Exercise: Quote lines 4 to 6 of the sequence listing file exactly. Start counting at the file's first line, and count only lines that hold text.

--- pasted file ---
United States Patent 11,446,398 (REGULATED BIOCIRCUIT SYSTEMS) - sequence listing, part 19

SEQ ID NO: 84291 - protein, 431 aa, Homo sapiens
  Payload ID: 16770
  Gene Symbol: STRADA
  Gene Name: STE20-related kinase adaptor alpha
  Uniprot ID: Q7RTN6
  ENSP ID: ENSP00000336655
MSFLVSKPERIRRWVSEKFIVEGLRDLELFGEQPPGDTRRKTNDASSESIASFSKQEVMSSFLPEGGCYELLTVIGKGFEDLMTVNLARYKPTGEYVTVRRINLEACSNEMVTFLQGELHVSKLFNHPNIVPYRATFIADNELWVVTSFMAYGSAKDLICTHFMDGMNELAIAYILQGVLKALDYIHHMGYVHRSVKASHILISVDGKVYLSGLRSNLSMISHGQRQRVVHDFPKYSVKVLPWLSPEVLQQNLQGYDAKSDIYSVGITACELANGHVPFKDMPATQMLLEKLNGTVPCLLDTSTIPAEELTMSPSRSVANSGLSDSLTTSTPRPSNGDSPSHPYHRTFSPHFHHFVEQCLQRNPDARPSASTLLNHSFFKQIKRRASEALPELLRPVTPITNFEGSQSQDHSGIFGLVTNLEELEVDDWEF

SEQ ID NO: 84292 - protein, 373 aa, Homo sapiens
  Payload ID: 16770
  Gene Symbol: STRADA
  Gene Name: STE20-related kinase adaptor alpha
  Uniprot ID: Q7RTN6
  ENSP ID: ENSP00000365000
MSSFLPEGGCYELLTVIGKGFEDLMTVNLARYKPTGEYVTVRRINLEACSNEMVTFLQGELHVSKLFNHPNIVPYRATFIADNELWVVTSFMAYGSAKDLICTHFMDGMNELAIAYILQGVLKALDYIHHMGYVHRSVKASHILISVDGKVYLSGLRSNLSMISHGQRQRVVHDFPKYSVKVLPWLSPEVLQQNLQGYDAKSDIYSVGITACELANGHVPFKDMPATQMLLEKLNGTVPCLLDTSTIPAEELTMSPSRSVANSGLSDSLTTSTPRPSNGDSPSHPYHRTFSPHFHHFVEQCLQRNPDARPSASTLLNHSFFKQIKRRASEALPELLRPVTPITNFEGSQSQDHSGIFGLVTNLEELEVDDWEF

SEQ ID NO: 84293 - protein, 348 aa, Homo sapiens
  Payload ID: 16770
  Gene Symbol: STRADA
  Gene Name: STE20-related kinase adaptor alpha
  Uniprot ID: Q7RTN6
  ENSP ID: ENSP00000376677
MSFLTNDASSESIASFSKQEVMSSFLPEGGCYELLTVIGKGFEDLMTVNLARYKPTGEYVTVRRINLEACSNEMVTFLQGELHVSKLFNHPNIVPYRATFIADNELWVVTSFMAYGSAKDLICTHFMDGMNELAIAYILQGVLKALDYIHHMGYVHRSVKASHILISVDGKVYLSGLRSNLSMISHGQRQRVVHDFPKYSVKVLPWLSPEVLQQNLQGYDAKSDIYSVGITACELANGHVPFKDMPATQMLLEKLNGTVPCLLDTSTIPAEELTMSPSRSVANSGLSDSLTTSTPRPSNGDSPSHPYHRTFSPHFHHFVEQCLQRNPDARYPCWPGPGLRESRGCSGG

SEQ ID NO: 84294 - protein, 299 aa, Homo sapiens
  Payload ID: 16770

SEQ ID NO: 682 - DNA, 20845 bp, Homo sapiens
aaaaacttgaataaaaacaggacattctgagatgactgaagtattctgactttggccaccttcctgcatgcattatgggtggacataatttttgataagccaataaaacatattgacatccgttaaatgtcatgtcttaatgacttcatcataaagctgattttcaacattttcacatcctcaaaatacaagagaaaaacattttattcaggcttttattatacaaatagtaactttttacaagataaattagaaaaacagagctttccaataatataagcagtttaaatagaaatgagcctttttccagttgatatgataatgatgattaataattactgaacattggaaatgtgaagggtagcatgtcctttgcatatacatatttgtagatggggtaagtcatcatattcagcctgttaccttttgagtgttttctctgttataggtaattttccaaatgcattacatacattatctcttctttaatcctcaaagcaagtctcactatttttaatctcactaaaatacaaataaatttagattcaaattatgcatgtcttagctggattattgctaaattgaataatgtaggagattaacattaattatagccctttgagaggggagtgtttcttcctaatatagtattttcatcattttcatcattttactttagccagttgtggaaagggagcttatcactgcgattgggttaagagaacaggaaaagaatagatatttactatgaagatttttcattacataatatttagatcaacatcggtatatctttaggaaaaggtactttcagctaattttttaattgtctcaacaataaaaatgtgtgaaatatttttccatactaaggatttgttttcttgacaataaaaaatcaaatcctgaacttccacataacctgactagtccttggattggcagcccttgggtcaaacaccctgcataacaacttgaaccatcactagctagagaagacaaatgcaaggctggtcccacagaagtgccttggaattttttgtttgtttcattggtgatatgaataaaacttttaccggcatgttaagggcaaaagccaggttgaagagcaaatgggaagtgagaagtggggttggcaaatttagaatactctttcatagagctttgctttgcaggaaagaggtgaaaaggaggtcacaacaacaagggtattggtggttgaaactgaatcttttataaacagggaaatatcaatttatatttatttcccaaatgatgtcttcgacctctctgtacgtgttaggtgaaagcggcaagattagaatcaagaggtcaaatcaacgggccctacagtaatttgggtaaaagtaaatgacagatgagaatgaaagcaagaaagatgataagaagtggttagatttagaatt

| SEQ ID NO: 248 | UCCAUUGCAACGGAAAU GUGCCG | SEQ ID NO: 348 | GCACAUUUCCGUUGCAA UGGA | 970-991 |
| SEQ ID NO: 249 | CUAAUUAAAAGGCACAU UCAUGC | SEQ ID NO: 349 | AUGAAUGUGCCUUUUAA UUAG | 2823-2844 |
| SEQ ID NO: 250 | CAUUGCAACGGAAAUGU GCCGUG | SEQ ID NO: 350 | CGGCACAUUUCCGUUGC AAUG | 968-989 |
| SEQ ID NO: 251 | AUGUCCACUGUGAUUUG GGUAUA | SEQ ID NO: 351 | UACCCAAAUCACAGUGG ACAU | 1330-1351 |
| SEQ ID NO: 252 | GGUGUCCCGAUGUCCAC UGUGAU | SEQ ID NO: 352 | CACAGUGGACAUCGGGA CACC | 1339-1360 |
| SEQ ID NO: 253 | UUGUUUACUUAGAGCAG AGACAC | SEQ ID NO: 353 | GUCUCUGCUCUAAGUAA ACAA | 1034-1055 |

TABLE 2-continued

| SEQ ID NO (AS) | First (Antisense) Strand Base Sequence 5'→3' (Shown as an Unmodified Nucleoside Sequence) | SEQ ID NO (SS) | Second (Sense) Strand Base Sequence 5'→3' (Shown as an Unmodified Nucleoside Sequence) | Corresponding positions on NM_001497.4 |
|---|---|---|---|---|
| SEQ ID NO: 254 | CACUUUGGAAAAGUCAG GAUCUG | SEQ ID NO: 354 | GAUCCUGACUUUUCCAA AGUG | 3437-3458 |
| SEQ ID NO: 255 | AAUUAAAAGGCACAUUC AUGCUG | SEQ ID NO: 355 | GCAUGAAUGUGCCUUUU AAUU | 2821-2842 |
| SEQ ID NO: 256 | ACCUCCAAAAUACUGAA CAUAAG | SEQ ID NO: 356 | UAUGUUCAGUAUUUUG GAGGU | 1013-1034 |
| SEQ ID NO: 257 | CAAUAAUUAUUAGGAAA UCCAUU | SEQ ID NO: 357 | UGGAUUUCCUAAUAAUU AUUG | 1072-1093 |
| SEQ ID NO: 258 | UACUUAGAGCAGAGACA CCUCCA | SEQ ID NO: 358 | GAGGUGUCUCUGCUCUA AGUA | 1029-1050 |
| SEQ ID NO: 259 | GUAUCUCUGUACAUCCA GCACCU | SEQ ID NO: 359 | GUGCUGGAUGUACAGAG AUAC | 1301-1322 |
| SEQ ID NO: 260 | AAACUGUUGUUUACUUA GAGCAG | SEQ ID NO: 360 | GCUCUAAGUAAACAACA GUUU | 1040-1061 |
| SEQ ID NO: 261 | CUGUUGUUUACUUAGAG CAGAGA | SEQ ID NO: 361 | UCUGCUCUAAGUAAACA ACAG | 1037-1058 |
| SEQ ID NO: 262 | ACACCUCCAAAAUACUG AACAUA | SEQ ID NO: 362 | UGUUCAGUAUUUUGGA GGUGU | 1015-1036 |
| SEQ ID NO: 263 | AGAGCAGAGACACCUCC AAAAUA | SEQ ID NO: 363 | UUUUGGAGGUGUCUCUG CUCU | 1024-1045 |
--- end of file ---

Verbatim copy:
  Gene Symbol: STRADA
  Gene Name: STE20-related kinase adaptor alpha
  Uniprot ID: Q7RTN6